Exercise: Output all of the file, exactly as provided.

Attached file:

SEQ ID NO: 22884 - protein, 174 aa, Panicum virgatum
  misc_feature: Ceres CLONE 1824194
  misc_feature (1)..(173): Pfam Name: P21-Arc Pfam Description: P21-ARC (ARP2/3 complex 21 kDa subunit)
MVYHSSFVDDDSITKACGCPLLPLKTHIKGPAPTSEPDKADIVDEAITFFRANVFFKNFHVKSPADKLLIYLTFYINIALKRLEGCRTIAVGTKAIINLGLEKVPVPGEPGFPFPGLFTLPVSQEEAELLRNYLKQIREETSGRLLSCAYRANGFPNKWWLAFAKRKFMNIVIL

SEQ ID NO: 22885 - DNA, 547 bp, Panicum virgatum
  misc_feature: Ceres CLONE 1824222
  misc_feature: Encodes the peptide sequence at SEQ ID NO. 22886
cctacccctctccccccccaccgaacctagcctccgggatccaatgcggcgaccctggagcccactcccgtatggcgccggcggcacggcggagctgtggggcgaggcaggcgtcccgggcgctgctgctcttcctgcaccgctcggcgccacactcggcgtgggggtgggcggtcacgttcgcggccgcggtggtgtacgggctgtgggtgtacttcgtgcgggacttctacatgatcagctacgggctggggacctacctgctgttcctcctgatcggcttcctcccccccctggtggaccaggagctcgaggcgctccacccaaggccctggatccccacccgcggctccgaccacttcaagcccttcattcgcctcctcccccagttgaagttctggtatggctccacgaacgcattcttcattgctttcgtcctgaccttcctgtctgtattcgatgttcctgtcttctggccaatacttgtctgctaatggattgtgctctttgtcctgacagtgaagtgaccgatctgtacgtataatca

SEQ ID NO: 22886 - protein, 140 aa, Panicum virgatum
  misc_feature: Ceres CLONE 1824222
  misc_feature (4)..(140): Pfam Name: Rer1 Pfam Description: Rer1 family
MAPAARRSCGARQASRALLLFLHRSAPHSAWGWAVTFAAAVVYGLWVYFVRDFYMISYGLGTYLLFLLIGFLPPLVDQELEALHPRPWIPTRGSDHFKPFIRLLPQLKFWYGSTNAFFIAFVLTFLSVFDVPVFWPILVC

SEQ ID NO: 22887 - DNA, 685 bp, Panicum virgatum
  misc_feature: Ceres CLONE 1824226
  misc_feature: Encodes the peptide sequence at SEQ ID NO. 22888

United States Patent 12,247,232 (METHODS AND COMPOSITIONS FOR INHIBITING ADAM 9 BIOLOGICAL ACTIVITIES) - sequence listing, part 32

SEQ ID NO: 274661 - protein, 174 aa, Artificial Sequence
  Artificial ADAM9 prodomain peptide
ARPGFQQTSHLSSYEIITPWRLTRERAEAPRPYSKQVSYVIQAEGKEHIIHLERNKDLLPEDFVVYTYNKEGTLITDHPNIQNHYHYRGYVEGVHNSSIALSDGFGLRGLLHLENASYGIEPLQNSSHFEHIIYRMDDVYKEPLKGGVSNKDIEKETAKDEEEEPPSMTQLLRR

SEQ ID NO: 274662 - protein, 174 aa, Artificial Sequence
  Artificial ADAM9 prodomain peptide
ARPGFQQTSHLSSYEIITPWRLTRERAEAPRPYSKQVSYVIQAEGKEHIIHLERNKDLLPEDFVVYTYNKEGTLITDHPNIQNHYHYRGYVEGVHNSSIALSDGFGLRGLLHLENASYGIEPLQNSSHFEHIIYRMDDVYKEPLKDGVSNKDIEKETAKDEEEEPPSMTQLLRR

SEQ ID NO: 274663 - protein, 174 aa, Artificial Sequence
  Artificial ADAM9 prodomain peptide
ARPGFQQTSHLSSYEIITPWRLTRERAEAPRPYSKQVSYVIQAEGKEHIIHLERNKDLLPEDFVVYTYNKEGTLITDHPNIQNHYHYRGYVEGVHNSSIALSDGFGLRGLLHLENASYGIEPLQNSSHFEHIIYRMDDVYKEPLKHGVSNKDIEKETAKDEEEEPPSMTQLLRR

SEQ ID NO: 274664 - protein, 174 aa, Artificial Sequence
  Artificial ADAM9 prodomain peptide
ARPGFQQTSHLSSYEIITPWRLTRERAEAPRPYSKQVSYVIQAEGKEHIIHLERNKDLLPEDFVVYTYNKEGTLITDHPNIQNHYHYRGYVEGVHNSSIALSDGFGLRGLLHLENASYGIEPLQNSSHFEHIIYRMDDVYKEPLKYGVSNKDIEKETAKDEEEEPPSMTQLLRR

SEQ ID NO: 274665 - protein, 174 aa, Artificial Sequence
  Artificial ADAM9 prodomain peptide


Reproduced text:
SEQ ID NO: 22884 - protein, 174 aa, Panicum virgatum
  misc_feature: Ceres CLONE 1824194
  misc_feature (1)..(173): Pfam Name: P21-Arc Pfam Description: P21-ARC (ARP2/3 complex 21 kDa subunit)
MVYHSSFVDDDSITKACGCPLLPLKTHIKGPAPTSEPDKADIVDEAITFFRANVFFKNFHVKSPADKLLIYLTFYINIALKRLEGCRTIAVGTKAIINLGLEKVPVPGEPGFPFPGLFTLPVSQEEAELLRNYLKQIREETSGRLLSCAYRANGFPNKWWLAFAKRKFMNIVIL

SEQ ID NO: 22885 - DNA, 547 bp, Panicum virgatum
  misc_feature: Ceres CLONE 1824222
  misc_feature: Encodes the peptide sequence at SEQ ID NO. 22886
cctacccctctccccccccaccgaacctagcctccgggatccaatgcggcgaccctggagcccactcccgtatggcgccggcggcacggcggagctgtggggcgaggcaggcgtcccgggcgctgctgctcttcctgcaccgctcggcgccacactcggcgtgggggtgggcggtcacgttcgcggccgcggtggtgtacgggctgtgggtgtacttcgtgcgggacttctacatgatcagctacgggctggggacctacctgctgttcctcctgatcggcttcctcccccccctggtggaccaggagctcgaggcgctccacccaaggccctggatccccacccgcggctccgaccacttcaagcccttcattcgcctcctcccccagttgaagttctggtatggctccacgaacgcattcttcattgctttcgtcctgaccttcctgtctgtattcgatgttcctgtcttctggccaatacttgtctgctaatggattgtgctctttgtcctgacagtgaagtgaccgatctgtacgtataatca

SEQ ID NO: 22886 - protein, 140 aa, Panicum virgatum
  misc_feature: Ceres CLONE 1824222
  misc_feature (4)..(140): Pfam Name: Rer1 Pfam Description: Rer1 family
MAPAARRSCGARQASRALLLFLHRSAPHSAWGWAVTFAAAVVYGLWVYFVRDFYMISYGLGTYLLFLLIGFLPPLVDQELEALHPRPWIPTRGSDHFKPFIRLLPQLKFWYGSTNAFFIAFVLTFLSVFDVPVFWPILVC

SEQ ID NO: 22887 - DNA, 685 bp, Panicum virgatum
  misc_feature: Ceres CLONE 1824226
  misc_feature: Encodes the peptide sequence at SEQ ID NO. 22888

United States Patent 12,247,232 (METHODS AND COMPOSITIONS FOR INHIBITING ADAM 9 BIOLOGICAL ACTIVITIES) - sequence listing, part 32

SEQ ID NO: 274661 - protein, 174 aa, Artificial Sequence
  Artificial ADAM9 prodomain peptide
ARPGFQQTSHLSSYEIITPWRLTRERAEAPRPYSKQVSYVIQAEGKEHIIHLERNKDLLPEDFVVYTYNKEGTLITDHPNIQNHYHYRGYVEGVHNSSIALSDGFGLRGLLHLENASYGIEPLQNSSHFEHIIYRMDDVYKEPLKGGVSNKDIEKETAKDEEEEPPSMTQLLRR

SEQ ID NO: 274662 - protein, 174 aa, Artificial Sequence
  Artificial ADAM9 prodomain peptide
ARPGFQQTSHLSSYEIITPWRLTRERAEAPRPYSKQVSYVIQAEGKEHIIHLERNKDLLPEDFVVYTYNKEGTLITDHPNIQNHYHYRGYVEGVHNSSIALSDGFGLRGLLHLENASYGIEPLQNSSHFEHIIYRMDDVYKEPLKDGVSNKDIEKETAKDEEEEPPSMTQLLRR

SEQ ID NO: 274663 - protein, 174 aa, Artificial Sequence
  Artificial ADAM9 prodomain peptide
ARPGFQQTSHLSSYEIITPWRLTRERAEAPRPYSKQVSYVIQAEGKEHIIHLERNKDLLPEDFVVYTYNKEGTLITDHPNIQNHYHYRGYVEGVHNSSIALSDGFGLRGLLHLENASYGIEPLQNSSHFEHIIYRMDDVYKEPLKHGVSNKDIEKETAKDEEEEPPSMTQLLRR

SEQ ID NO: 274664 - protein, 174 aa, Artificial Sequence
  Artificial ADAM9 prodomain peptide
ARPGFQQTSHLSSYEIITPWRLTRERAEAPRPYSKQVSYVIQAEGKEHIIHLERNKDLLPEDFVVYTYNKEGTLITDHPNIQNHYHYRGYVEGVHNSSIALSDGFGLRGLLHLENASYGIEPLQNSSHFEHIIYRMDDVYKEPLKYGVSNKDIEKETAKDEEEEPPSMTQLLRR

SEQ ID NO: 274665 - protein, 174 aa, Artificial Sequence
  Artificial ADAM9 prodomain peptide